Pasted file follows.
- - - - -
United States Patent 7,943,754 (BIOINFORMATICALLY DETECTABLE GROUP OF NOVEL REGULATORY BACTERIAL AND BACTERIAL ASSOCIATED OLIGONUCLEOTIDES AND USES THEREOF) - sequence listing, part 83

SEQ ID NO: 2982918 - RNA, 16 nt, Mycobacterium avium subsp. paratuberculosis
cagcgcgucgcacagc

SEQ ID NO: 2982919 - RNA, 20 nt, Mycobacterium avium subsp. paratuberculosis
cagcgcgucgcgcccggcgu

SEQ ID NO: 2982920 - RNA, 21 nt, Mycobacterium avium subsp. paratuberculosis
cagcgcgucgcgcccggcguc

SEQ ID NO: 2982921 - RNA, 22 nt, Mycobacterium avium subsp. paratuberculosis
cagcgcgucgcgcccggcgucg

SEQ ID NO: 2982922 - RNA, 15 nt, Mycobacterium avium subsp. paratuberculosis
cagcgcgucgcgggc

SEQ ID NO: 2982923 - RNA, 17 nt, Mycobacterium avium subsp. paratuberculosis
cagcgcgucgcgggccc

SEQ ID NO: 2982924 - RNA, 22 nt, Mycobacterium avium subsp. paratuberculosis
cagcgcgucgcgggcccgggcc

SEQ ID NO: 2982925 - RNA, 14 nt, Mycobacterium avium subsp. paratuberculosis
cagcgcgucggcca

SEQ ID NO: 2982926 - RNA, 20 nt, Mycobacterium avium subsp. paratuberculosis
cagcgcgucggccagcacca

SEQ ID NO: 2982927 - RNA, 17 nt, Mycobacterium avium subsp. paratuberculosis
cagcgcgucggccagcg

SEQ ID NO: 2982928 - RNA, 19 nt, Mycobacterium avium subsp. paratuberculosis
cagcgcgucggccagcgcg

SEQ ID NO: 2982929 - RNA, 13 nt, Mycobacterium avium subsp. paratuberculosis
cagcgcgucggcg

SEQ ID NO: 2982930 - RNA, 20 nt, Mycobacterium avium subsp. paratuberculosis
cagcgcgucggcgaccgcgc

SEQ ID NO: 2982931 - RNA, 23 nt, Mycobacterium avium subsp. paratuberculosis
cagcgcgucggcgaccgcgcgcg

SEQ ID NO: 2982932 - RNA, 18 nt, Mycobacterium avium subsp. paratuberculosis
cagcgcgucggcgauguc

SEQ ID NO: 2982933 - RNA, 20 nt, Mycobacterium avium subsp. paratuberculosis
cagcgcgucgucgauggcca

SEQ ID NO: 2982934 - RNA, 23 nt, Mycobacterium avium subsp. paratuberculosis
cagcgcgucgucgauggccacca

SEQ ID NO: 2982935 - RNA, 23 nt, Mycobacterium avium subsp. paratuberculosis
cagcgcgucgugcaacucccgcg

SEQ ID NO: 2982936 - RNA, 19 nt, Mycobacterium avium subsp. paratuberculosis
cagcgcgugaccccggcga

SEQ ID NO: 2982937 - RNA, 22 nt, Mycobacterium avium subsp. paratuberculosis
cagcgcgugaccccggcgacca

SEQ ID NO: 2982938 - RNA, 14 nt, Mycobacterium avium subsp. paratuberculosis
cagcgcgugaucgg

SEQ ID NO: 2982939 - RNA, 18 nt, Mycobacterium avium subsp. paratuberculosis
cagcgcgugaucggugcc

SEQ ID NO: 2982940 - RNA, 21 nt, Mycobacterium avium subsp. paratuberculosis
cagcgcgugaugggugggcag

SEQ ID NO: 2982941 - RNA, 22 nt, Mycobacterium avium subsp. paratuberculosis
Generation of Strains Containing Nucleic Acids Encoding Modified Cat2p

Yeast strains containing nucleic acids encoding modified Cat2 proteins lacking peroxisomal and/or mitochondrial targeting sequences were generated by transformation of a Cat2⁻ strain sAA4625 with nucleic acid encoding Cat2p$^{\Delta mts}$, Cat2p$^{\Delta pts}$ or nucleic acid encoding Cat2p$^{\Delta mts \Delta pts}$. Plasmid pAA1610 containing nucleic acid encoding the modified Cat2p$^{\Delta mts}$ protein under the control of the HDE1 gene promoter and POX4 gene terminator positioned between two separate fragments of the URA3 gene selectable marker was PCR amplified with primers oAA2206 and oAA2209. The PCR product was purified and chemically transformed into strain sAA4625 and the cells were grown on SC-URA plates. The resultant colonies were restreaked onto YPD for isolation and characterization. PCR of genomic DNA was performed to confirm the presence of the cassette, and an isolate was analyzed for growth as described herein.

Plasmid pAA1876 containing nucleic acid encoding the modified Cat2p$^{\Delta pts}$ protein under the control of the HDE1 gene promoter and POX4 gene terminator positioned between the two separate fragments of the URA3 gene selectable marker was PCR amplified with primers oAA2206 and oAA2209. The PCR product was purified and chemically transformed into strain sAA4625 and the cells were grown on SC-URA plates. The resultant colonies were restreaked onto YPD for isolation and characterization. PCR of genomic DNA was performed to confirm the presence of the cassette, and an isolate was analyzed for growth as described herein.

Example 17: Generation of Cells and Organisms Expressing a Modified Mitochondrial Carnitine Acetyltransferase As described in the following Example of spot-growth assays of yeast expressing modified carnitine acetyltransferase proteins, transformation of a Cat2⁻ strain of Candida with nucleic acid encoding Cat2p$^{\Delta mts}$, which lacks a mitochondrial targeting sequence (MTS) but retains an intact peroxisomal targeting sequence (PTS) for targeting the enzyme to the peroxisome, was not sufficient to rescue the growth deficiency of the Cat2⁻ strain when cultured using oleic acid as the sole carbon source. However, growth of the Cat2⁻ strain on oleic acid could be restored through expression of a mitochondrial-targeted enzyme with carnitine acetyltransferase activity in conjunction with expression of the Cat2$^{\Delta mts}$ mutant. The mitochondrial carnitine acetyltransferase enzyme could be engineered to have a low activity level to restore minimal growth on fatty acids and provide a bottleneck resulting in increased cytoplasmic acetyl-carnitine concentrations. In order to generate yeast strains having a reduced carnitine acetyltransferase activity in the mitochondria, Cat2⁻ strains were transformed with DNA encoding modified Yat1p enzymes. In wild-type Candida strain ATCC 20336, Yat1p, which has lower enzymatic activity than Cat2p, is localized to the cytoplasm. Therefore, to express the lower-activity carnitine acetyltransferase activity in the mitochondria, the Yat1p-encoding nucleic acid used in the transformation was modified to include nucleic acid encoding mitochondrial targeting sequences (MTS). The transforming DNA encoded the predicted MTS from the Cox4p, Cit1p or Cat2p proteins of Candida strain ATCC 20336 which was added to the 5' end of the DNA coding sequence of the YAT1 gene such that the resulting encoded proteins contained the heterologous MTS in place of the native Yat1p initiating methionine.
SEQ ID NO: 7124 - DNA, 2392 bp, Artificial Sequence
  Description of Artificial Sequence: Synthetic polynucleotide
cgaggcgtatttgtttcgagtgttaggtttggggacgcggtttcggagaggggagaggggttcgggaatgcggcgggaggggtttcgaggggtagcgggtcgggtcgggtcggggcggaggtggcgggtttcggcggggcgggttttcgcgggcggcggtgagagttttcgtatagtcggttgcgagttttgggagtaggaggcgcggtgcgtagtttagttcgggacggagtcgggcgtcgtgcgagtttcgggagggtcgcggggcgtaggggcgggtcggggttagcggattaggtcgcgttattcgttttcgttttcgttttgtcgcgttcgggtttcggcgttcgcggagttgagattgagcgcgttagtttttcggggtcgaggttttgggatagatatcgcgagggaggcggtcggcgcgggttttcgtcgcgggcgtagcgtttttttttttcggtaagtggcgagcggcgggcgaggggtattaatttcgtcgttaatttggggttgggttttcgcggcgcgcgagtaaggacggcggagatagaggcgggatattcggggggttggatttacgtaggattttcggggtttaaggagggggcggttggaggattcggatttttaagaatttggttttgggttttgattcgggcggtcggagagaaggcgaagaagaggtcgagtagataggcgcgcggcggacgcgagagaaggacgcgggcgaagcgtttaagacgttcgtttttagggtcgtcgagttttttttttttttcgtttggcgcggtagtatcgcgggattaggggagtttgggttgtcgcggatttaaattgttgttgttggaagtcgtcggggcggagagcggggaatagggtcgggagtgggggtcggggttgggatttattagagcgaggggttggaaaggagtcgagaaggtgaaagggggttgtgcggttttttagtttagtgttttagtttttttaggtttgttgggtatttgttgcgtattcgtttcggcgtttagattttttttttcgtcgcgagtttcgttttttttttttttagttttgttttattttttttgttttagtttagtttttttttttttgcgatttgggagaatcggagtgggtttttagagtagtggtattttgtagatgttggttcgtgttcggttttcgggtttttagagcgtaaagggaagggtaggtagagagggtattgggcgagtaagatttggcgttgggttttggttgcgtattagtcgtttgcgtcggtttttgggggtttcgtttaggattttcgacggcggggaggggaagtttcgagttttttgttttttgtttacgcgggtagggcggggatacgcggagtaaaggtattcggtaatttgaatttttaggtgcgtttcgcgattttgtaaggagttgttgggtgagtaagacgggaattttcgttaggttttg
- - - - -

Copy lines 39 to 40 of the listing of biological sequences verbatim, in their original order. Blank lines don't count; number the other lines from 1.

cagcgcgugaccccggcga

SEQ ID NO: 2982937 - RNA, 22 nt, Mycobacterium avium subsp. paratuberculosis